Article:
Reviving the Old Guard: The Palace Guard, Part Two

Continued from Part One… Far better was the A-side of The Palace Guard’s second single, the moody, minor-key “A Girl You Can Depend On.” The flip side of that single – released as a promo disc only – was a credibly soulful cover of Wilson Pickett’s “If You Need Me.” Moser says that recording sessions

Ryan RnB Barber: Can’t Hold Him Down

Ryan RnB Barber is one of the busiest musicians in Western North Carolina. He does it all: singing, rapping, songwriting, producing and arranging. And he stays busy with several bands (including BoogiTherapi and Orange Krush), participation in open mic/jam nights, and as a member of Grammy award winning kid-hop artist Secret Agent 23 Skidoo’s band.

David Wilcox: Local Hero

David Wilcox didn’t start his life in Western North Carolina, but once the singer-songwriter discovered the region, he knew he had found his home. Thirty-seven years and twenty-plus albums later, Asheville remains Wilcox’s home, and living here informs his music in myriad ways. In celebration of the release of The View from the Edge, his

Concert Review: Yep Roc 15, Night #2

In some ways, Night #2 of Yep Roc 15 might have been dubbed Night of the Loop. While several of the artists would fall into the singer/songwriter classification, there was extensive (and inventive) use of looping pedals. Perhaps the most well-known early example of the approach is KT Tunstall‘s “White Horse and Cherry Tree” performance

Talking “About Stuff” with Harry Shearer, Part 2

Continued from Part One Bill Kopp: You’ve always had a unique gift – and clear affinity – for musical pastiche. For instance, “Celebrity Booze Endorser” is written by you but would fit perfectly on a Fountains of Wayne album. It seems like you wrote it in their style. Harry Shearer: Yes, I did. I told

Sunday Bonus

You may know that Collectors’ Choice Music — the label, not the mail order catalog service — went out of business a couple of years ago. Not long before that, CCM worked a deal with ABKCO, an arrangement that saw many of the long-unavailable titles on the old Cameo-Parkway label again become available. Well, when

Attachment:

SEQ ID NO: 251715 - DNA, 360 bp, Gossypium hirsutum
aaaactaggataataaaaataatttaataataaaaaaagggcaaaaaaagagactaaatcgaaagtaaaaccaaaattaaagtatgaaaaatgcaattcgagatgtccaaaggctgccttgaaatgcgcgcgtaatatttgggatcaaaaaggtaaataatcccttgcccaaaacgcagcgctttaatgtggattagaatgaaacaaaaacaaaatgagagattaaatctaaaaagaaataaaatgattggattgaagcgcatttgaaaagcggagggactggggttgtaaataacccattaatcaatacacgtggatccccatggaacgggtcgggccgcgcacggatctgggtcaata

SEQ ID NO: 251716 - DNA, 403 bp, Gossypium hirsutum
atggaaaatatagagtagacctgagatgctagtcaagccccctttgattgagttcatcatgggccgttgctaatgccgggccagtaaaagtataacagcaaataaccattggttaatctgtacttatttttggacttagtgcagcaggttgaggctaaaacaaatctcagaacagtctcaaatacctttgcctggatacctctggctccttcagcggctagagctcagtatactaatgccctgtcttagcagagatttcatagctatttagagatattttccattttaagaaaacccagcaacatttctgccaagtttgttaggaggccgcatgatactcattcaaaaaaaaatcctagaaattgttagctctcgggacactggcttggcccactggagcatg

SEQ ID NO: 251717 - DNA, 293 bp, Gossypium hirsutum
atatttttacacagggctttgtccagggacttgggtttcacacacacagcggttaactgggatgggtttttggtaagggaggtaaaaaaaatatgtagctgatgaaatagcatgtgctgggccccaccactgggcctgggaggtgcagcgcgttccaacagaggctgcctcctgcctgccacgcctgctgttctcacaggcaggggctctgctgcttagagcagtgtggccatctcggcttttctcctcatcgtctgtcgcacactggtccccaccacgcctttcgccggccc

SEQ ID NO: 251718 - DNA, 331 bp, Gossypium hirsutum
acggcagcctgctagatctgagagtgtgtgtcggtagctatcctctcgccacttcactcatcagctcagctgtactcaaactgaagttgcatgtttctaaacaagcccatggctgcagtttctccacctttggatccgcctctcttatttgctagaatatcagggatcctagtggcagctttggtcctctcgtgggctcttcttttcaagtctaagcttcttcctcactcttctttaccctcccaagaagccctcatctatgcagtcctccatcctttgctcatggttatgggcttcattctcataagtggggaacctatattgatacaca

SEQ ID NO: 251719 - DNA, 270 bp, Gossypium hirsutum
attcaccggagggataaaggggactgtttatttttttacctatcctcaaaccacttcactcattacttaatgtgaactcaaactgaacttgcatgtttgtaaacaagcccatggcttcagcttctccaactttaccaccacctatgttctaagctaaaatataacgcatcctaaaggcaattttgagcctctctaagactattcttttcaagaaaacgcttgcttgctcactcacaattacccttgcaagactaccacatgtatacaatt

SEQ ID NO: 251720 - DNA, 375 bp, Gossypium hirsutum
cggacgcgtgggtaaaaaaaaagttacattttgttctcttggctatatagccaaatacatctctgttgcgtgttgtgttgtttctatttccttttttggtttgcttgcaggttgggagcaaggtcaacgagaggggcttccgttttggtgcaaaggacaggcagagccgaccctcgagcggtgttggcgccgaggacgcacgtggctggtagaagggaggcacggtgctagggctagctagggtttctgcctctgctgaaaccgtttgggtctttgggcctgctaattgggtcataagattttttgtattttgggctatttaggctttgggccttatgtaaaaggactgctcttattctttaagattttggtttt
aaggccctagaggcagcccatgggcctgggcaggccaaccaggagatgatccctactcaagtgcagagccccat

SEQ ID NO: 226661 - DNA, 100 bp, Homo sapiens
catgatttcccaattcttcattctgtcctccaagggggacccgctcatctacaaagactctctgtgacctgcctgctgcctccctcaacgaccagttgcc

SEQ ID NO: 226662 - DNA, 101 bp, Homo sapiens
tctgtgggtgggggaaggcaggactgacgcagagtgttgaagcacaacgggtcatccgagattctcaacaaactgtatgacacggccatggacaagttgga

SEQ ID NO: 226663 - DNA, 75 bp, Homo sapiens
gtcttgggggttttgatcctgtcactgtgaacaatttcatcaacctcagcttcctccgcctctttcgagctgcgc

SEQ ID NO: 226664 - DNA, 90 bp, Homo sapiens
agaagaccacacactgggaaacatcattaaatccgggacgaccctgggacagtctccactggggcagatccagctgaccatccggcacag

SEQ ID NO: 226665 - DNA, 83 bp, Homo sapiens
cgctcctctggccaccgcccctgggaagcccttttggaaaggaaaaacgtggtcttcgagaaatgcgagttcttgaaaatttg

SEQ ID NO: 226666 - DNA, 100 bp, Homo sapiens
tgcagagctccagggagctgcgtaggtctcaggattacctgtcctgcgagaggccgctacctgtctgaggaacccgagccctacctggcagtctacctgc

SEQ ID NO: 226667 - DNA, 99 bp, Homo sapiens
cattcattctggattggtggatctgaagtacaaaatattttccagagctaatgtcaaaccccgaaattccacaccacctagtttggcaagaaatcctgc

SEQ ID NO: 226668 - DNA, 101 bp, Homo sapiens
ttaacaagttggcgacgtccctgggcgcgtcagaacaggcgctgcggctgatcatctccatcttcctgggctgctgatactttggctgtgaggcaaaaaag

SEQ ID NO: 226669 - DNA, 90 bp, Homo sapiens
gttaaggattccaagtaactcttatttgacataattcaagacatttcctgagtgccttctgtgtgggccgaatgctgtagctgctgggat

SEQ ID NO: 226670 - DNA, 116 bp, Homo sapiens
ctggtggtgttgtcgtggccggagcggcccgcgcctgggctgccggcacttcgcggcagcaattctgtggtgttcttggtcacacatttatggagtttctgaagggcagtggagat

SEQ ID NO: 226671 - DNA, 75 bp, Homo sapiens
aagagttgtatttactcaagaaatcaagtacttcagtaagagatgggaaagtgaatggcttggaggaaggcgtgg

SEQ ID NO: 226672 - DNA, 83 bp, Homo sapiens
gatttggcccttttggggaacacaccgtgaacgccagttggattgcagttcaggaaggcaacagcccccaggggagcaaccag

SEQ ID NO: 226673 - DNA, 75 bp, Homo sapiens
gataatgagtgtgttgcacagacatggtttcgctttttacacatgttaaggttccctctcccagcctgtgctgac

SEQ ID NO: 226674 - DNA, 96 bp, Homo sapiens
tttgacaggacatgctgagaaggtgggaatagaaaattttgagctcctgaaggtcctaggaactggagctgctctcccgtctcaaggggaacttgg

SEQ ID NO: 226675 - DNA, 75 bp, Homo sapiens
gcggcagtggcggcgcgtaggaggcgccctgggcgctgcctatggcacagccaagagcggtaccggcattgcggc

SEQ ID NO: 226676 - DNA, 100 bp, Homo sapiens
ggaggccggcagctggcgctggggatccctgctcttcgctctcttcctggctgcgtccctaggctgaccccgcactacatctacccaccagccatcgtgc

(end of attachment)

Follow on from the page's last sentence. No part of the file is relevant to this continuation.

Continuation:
The Real Gone Interview, Part 2: Gordon Anderson

Continued from Part One… Sometimes, even when everything else lines up in a reissue’s favor, potential costs (licensing, etc.) put the project out of reach. “That does occur,” admits Real Gone Music’s Gordon Anderson, “but less than it used to. Because the labels are adjusting their expectations to the conditions of the marketplace.” But he

Album Reviews: ? and the Mysterians – Action / 96 Tears

 In 2010 Collectors’ Choice Music began an interesting and historically relevant series of reissues and repackages. Through a licensing agreement with a company called ABKCO, CCM gained access to the masters of music from the Cameo and Parkway labels. In the 1960s, Philadelphia-based Cameo-Parkway Records released albums and single by a number of notable artists,

Album Review: The Dovells – For Your Hully Gully Party / You Can’t Sit Down

If The Dovells are remembered at all, it’s primarily for the 1961 hit “Bristol Stomp.” That song, written by a pair of executive staffers at Cameo-Parkway, was a chart-topper for the group. The Dovells were essential an a cappella group supported by studio musician backing. In the wake of the song’s success, more material in

Album Review: Zacherle – Monster Mash/Scary Tales

Okay, this is nutty stuff. John Zacherle (or Zacherley; nobody seems to know for sure) was a popular fixture in the late 1950s and early 60s. His shtick was pretty straightforward: dressed like a vampire or somesuch, he hosted horror films on television. Years before Mystery Science Theatre 3000, Zacherle would insert himself into the